The Department of Theater and Dance took on a mighty challenge this month, daring to perform “On the Twentieth Century.” The 1978 Broadway musical is based on a combination of four plays from the ’20s and two ’30s screwball comedy movies.
“What’s cool about the show is that as a play, it was originally just a screwball comedy and a door-slamming, somewhat slapstick farce,” said director Alan Kenny. “The musical version takes on the dimension of sort of being a mock opera or a mock operetta.”
The musical style influences the plot and characters,causing the musical to have an exaggerated style full of theatrical drama.
“The leading characters are these big, theatrical personalities,” Kenny said. “There’s a producer who used to be a success who is now down on his luck, and then there’s a star, Lily Garland. Those two used to have a torrid love affair. She has now gone off to Hollywood and is very successful and he is desperate to get her back to working for him.”
Senior Bryce Dutton plays a lead character.
“I play the role of Oscar Jaffe, the high priest of the theatre director/producer who is larger than life and completely ridiculous,” Dutton said. “He is ego driven and dramatic and speaks in a Shakespearean style and with high vocabulary that most normal people would never use. He is expressive and powerful and is a mad scientist when it comes to scheming ideas to help him make it to the top of the theatre world.”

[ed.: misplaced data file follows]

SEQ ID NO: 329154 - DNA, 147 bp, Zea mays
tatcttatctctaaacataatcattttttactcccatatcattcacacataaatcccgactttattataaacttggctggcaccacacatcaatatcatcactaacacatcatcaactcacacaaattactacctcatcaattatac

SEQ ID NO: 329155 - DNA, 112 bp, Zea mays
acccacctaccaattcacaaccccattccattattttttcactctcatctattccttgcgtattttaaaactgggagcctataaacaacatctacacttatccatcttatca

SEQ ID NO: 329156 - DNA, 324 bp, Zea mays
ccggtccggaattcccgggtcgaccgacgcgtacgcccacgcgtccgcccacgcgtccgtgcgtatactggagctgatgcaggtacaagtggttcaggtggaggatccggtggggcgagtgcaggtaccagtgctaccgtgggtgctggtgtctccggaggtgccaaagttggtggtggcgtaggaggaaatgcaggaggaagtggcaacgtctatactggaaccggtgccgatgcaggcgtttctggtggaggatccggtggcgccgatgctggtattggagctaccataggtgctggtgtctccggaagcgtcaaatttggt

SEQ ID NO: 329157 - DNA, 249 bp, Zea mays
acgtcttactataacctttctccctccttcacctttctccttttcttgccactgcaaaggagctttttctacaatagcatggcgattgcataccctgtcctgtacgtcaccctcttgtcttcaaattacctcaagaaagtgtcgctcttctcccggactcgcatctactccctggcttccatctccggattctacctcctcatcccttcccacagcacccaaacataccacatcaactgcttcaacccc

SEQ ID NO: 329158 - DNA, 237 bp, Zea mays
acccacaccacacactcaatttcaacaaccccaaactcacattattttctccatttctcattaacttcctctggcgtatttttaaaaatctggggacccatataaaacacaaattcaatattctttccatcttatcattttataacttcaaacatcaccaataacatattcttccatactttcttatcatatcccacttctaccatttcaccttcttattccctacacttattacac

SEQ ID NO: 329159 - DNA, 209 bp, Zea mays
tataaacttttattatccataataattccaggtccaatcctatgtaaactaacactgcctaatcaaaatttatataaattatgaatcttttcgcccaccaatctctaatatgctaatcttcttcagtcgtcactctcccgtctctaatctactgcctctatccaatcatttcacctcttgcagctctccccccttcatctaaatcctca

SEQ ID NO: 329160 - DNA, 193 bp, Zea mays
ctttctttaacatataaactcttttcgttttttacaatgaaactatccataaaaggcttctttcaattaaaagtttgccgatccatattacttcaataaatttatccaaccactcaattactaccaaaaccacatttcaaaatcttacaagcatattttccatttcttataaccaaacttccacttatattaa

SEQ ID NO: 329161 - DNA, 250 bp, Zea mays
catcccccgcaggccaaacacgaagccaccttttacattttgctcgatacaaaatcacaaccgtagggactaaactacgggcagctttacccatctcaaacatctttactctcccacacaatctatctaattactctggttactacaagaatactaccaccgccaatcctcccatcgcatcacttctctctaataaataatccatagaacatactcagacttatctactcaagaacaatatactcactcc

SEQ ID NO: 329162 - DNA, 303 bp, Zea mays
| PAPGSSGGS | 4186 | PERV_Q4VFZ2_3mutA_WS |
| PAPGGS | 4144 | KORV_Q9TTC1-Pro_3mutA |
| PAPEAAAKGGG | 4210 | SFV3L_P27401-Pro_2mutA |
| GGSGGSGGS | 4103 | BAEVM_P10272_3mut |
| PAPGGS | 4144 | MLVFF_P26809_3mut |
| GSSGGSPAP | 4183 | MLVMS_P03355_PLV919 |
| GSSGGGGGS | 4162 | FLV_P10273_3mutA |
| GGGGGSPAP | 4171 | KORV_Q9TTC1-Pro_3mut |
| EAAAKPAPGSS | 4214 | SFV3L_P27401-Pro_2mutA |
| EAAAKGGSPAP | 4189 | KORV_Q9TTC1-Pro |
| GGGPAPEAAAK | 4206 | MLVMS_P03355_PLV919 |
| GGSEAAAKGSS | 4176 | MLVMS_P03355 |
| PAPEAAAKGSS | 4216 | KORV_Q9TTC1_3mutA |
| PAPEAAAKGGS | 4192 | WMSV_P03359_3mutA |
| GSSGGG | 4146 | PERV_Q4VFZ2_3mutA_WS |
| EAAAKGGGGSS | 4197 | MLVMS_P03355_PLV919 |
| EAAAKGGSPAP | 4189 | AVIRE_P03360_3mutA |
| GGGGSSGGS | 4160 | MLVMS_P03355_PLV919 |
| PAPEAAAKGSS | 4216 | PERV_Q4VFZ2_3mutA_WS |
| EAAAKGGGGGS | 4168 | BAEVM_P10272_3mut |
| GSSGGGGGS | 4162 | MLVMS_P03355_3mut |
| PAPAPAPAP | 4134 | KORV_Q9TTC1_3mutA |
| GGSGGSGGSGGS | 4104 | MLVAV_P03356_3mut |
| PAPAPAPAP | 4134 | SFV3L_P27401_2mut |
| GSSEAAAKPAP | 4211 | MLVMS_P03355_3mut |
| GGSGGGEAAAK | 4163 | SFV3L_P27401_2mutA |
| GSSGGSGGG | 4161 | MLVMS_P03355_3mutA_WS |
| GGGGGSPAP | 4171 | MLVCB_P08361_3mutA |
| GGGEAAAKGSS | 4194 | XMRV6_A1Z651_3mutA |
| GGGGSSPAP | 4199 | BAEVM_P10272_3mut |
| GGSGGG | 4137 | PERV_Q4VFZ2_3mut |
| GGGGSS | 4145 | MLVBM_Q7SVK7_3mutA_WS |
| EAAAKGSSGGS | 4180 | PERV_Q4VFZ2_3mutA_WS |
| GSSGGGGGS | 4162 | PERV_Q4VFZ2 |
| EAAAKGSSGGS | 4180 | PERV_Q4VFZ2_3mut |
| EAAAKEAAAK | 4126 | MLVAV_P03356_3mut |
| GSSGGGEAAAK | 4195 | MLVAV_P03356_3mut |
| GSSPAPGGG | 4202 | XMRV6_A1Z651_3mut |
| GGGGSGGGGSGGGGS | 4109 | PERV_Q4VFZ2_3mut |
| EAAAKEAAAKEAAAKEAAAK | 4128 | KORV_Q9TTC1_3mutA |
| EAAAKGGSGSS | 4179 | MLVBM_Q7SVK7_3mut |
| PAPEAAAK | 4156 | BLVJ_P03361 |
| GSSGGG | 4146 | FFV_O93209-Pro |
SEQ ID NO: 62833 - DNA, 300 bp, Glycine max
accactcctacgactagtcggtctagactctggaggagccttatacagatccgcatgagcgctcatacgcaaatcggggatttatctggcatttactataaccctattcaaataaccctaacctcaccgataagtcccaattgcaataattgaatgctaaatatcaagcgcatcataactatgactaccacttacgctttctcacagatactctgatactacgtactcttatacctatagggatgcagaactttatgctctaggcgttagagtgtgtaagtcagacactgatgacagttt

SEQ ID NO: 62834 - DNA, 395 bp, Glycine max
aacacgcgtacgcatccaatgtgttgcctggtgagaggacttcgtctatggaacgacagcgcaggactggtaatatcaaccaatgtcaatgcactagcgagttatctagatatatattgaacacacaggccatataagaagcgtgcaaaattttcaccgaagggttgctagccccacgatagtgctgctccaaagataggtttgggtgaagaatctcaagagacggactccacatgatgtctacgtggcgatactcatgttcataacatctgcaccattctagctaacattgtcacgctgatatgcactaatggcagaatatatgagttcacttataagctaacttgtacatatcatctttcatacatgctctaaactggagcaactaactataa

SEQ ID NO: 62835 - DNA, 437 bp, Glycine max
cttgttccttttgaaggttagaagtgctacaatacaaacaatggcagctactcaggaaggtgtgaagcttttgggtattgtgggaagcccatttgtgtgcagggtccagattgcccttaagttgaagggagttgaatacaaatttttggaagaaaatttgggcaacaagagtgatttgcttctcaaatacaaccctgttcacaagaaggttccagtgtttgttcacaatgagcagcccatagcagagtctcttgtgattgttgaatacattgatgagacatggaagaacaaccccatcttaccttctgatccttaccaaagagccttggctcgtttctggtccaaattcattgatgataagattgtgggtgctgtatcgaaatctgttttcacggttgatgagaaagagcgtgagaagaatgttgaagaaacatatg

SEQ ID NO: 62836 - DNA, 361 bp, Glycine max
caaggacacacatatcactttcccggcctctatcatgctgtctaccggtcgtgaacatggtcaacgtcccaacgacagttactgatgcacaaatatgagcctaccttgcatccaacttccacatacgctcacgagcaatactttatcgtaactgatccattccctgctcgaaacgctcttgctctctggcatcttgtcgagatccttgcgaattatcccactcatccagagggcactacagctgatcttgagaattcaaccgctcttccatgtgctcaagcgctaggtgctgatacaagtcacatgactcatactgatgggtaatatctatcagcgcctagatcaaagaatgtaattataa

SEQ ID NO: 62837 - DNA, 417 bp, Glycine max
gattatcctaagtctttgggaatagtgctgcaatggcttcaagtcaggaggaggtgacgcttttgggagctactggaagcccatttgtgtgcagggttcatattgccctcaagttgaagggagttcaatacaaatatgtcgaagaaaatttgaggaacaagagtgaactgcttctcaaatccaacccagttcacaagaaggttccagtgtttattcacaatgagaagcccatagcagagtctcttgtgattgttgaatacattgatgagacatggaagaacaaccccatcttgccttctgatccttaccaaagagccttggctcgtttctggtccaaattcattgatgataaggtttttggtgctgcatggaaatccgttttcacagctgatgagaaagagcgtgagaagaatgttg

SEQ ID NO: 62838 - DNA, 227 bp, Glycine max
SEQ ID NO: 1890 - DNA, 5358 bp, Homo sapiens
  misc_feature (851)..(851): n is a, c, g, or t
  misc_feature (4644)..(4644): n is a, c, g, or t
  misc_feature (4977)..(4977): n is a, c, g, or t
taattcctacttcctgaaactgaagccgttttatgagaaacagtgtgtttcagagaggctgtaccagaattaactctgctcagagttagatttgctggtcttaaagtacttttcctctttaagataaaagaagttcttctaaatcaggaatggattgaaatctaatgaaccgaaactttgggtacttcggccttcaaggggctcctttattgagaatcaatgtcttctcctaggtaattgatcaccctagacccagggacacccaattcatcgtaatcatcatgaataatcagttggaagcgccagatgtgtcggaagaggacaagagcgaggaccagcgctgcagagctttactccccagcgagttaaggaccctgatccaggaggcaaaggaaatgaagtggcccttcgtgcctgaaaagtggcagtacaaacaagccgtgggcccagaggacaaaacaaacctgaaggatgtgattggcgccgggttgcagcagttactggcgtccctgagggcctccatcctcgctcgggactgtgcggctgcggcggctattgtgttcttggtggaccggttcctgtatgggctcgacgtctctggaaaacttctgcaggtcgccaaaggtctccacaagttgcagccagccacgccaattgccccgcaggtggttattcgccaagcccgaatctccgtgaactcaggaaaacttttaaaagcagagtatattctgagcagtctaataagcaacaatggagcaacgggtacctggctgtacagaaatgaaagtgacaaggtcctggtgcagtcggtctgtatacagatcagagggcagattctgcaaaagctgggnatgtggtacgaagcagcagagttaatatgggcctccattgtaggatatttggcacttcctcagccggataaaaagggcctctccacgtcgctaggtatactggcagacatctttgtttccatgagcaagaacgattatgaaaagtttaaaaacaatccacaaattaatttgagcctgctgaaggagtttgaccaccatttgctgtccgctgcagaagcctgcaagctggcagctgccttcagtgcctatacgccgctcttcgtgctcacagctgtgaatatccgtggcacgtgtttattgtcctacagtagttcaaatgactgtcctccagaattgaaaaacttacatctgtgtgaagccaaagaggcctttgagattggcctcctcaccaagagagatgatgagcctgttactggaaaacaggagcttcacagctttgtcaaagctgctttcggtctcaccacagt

Kenny said the production is just as elaborate as the characters who move through it.
“The set is one of the most noteworthy things about the show because the whole show basically takes place on a train,” Kenny said. “The original Broadway production has one of the most elaborate sets in Broadway history. There are books written about this set.”
Dutton said the set took time to get used to.
“The spaces we are confined to are train cars so it calls for a lot of commitment in small areas and some tactical maneuvering to make things run smoothly,” Dutton said.
Dutton said the production is unique compared to other shows he has performed in.
“This musical is special because it has so many elements,” Dutton said. “It’s not as well known in the musical theater canon, but that’s because it takes a lot to put it on. It is so demanding and requires so much of the performers to do a farce like this. There are extreme comedic moments of wit and physical humor, and difficult singing to go along with it. It is the most ridiculous and fun musical I’ve been a part of.”
The production opens in the Jenkins Theater on Feb. 27 and runs through March 7. Tickets are available online and at the University of Wisconsin-Stevens Point Ticket Office.